With Cooking Facilities: A room or space with at least one fixed or built-in cooking facility is considered a kitchen/kitchenette and shall be subject to compliance with 212 and 804. Storage required by 804.5 shall be calculated by linear feet.

Section 212 Kitchens and Kitchennettes:

212.1 General. Where provided, kitchens, kitchenettes, and sinks shall comply with 212.

212.2 Kitchens and Kitchenettes. Kitchens and kitchenettes shall comply with 804.

212.3 Sinks. Where sinks are provided, at least 5 percent, but no fewer than one, of each type provided in each accessible room or space shall comply with 606.

EXCEPTION: Mop or service sinks shall not be required to comply with 212.3.

Section 804 Kitchens

These are the technical guidelines for kitchens in common use spaces, residential dwelling units and transient lodging spaces.

804.5 Storage (in kitchens): At least 50 percent of shelf space in storage facilities shall comply with 811.  This is measured in linear feet.

According to TDLR, the photo above would be considered a kitchen with cooking facilities because there is a built in range and built in microwave.  Therefore the sink would require a knee space per section 606.2 and be at 34″ high max.

If the same kitchen had a fixed oven only, or a fixed microwave only without a cooktop, then it would still be a kitchen but now the sink would NOT require a knee space.

Without Cooking Facilities: A room or space without a fixed or built-in cooking facility shall be subject to compliance with all applicable provisions of TAS based on the elements provided. 606.2, Exception 1 shall NOT apply to sinks provided in spaces without cooking facilities unless it is a wet bar since this exception is applicable only to kitchen sinks. Storage provided shall comply with 225 and 811.

Section 606 Sinks and Lavatories

606.2 Clear Floor Space. A clear floor space complying with 305, positioned for a forward approach,
and knee and toe clearance complying with 306 shall be provided.

Exceptions:

1. A parallel approach complying with 305 shall be permitted to a kitchen sink in a space where a
cook top or conventional range is not provided and to wet bars.

3. In residential dwelling units, cabinetry shall be permitted under lavatories and kitchen sinks
provided that all of the following conditions are met:
(a) the cabinetry can be removed without removal or replacement of the fixture;
(b) the finish floor extends under the cabinetry; and
(c) the walls behind and surrounding the cabinetry are finished.

4. A knee clearance of 24 inches (610 mm) minimum above the finish floor or ground shall be
permitted at lavatories and sinks used primarily by children 6 through 12 years where the rim or
counter surface is 31 inches (785 mm) maximum above the finish floor or ground.
5. A parallel approach complying with 305 shall be permitted to lavatories and sinks used primarily
by children 5 years and younger.
6. The dip of the overflow shall not be considered in determining knee and toe clearances.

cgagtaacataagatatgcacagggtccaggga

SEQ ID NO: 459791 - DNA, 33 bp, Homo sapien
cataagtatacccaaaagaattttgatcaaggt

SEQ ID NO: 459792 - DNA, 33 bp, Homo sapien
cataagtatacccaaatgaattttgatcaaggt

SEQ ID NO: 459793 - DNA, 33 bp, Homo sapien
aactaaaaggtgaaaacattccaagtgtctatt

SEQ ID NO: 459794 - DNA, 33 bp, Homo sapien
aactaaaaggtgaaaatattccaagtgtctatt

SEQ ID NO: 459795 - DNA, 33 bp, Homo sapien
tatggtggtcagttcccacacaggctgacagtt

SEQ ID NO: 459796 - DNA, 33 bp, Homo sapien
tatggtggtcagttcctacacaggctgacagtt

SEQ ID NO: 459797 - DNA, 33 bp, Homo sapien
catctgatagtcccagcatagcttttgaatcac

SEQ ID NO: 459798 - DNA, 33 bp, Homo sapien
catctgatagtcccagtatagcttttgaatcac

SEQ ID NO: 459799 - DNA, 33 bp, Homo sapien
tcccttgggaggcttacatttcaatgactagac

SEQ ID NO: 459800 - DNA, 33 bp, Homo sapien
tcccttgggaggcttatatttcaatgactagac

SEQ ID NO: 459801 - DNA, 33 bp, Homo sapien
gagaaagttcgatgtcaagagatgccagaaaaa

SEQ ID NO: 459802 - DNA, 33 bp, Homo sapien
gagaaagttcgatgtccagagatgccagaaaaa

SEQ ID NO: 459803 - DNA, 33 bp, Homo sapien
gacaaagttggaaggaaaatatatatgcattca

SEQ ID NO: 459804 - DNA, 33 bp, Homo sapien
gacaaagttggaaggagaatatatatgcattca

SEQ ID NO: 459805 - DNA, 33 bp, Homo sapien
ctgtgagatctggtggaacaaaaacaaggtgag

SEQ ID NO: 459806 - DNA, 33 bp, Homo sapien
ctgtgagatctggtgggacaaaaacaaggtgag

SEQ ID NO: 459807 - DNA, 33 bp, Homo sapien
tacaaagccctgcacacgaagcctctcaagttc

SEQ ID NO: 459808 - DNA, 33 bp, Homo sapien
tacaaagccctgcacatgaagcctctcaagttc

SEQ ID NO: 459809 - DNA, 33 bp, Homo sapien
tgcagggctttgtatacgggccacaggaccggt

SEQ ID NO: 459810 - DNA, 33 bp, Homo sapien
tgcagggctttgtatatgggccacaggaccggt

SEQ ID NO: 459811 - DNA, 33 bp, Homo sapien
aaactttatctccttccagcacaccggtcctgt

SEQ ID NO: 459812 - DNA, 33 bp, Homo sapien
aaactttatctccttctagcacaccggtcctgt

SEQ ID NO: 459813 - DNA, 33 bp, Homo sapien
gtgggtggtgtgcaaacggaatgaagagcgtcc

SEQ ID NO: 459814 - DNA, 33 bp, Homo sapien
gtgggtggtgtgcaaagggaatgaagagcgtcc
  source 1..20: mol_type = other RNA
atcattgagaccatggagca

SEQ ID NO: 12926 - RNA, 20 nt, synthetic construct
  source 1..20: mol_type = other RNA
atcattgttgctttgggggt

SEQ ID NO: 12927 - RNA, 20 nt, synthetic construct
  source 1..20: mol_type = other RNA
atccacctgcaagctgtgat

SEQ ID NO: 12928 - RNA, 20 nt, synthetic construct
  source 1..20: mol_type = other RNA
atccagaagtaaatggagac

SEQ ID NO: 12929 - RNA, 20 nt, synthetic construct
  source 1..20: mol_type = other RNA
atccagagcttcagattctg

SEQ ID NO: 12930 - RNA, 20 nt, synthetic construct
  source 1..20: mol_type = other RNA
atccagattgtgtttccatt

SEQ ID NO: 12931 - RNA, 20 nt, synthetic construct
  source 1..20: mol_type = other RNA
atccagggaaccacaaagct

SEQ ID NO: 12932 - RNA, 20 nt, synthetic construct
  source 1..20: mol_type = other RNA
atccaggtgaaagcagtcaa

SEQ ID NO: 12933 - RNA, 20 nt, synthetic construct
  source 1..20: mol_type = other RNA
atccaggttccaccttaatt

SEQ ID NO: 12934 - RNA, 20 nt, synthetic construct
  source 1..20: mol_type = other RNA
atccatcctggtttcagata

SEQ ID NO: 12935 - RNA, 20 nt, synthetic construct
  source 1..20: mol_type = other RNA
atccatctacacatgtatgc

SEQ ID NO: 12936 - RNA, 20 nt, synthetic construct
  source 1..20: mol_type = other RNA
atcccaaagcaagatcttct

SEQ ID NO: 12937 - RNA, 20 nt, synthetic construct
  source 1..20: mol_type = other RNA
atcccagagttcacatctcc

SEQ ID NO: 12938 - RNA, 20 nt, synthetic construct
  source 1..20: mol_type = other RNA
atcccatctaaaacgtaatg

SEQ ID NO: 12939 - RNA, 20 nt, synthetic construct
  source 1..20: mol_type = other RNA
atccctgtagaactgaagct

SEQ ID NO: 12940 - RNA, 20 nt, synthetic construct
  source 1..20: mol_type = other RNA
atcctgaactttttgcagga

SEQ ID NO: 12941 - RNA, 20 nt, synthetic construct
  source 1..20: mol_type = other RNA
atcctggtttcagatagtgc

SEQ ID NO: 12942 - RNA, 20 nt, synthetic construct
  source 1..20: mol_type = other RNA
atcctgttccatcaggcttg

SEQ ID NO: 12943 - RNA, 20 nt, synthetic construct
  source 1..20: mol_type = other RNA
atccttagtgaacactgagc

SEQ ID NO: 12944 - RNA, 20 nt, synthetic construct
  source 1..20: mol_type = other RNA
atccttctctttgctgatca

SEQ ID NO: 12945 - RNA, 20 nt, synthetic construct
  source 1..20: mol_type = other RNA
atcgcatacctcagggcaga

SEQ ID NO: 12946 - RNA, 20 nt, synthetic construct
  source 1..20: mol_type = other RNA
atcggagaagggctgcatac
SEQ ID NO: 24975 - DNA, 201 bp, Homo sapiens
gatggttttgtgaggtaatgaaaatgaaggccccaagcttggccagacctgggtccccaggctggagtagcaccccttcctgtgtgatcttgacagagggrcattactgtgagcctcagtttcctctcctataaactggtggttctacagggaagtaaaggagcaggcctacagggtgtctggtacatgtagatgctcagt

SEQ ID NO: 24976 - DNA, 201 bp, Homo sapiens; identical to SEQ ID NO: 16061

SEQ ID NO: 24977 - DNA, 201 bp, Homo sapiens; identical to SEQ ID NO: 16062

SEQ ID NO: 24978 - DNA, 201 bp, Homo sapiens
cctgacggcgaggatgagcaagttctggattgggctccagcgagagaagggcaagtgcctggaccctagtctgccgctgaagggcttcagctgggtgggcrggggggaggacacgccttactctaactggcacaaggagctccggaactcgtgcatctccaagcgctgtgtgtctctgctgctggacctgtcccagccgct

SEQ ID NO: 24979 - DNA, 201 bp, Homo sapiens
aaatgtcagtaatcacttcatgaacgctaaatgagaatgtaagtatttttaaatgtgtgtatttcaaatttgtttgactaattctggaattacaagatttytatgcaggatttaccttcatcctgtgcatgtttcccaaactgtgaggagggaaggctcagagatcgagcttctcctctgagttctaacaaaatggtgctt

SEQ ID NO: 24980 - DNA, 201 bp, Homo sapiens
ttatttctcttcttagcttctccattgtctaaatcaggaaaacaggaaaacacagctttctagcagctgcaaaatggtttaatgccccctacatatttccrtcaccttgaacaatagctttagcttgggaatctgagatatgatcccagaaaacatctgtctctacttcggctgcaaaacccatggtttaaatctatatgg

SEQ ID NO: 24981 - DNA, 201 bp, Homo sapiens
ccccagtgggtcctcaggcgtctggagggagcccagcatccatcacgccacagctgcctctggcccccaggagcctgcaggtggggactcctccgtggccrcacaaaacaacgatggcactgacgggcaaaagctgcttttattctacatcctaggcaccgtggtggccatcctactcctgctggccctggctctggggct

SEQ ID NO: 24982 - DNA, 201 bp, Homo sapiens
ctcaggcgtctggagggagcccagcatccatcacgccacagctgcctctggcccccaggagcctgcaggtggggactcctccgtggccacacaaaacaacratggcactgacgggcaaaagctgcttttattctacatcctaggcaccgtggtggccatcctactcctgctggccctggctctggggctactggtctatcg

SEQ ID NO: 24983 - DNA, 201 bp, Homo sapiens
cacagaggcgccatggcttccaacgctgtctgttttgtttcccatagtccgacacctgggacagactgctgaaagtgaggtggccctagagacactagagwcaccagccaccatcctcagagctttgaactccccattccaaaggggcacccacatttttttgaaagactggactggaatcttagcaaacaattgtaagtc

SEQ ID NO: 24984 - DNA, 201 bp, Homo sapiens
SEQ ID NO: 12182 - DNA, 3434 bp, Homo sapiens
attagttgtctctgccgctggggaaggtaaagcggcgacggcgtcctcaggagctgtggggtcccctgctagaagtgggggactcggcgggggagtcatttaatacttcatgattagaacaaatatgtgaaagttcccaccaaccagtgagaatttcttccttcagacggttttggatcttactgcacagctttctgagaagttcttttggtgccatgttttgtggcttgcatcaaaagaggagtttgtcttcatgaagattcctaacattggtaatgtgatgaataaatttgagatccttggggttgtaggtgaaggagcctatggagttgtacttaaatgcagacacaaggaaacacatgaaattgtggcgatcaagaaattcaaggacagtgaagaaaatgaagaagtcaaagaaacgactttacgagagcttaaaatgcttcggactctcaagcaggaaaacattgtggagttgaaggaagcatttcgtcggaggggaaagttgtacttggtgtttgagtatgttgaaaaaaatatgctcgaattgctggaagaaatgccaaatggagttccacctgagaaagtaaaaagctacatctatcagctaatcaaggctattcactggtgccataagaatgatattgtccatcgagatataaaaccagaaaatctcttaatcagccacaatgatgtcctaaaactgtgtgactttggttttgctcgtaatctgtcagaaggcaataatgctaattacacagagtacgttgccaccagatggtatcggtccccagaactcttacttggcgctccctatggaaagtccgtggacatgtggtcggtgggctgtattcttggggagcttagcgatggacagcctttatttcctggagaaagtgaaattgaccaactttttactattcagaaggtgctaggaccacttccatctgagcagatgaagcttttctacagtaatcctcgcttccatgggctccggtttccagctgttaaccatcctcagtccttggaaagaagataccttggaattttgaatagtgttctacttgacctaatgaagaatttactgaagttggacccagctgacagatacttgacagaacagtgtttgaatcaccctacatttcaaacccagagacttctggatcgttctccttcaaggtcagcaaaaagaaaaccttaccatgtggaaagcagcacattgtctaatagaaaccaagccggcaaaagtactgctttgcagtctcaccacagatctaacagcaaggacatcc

Section 225 Storage

225.2 Storage. Where storage is provided in accessible spaces, at least one of each type shall comply with 811.

811 Storage

This section describes the techincal requirements for storage in common use accessible spaces including common use, residential and transient lodging. (but they are different than in kitchens which should follow 804.5)

811.1 General. Storage shall comply with 811.
811.2 Clear Floor or Ground Space. A clear floor or ground space complying with 305 shall be
provided.
811.3 Height. Storage elements shall comply with at least one of the reach ranges specified in 308.
811.4 Operable Parts. Operable parts shall comply with 309.

The photo of the  sink above shows a sink that  is not located at a kitchen as defined by TDLR since there is no “fixed” cooking facility.  We see the microwave but it is not fixed.  Therefore a knee space is also required at this location.
Wet Bars: A bar used for purposes other than drink preparation is not considered a wet bar.

 
Summary: Kitchens, Kitchenettes, and Comparable Spaces.  This table explains when and how many kitchens are required to comply.

Basically, kitchens and ktichennettes in common spaces,  must comply with sections 212 and 804 of the 2012 TAS (as well as the 2010 ADA).

Kitchens at residential facilities must comply with sections 233 and 809

Kitchens at Transient lodging must comply with 224 and 806

Kitchens at work areas do not have to comply.  These are commercial kitchens or kitchens used for work purposes.

Some kitchens require a separate work surface with a knee space but only at residential and transient lodging places.

Storage not in a kitchen (such as a break room without a fixed cooking facility) will have to comply with 811 and only one of each kind will have to comply.

Storage in kitchens at residential and transient lodging do have to comply with the 50% rule.

For facilities without cooking facilities within and in common use spaces, residential dwelling units and transient lodging, are not considered kitchens.  Therefore if they have a sink  they must comply with the requirements for sinks listed in 606.2 and are not subject to Exception No. 1 unless it is a wet bar.    They also would not be subject to the storage requirement since they are not kitchens.  Break rooms are good examples of such facilities.  They are not kitchens because they don’t have a built in cooking facility, but must comply with the requirements for sinks.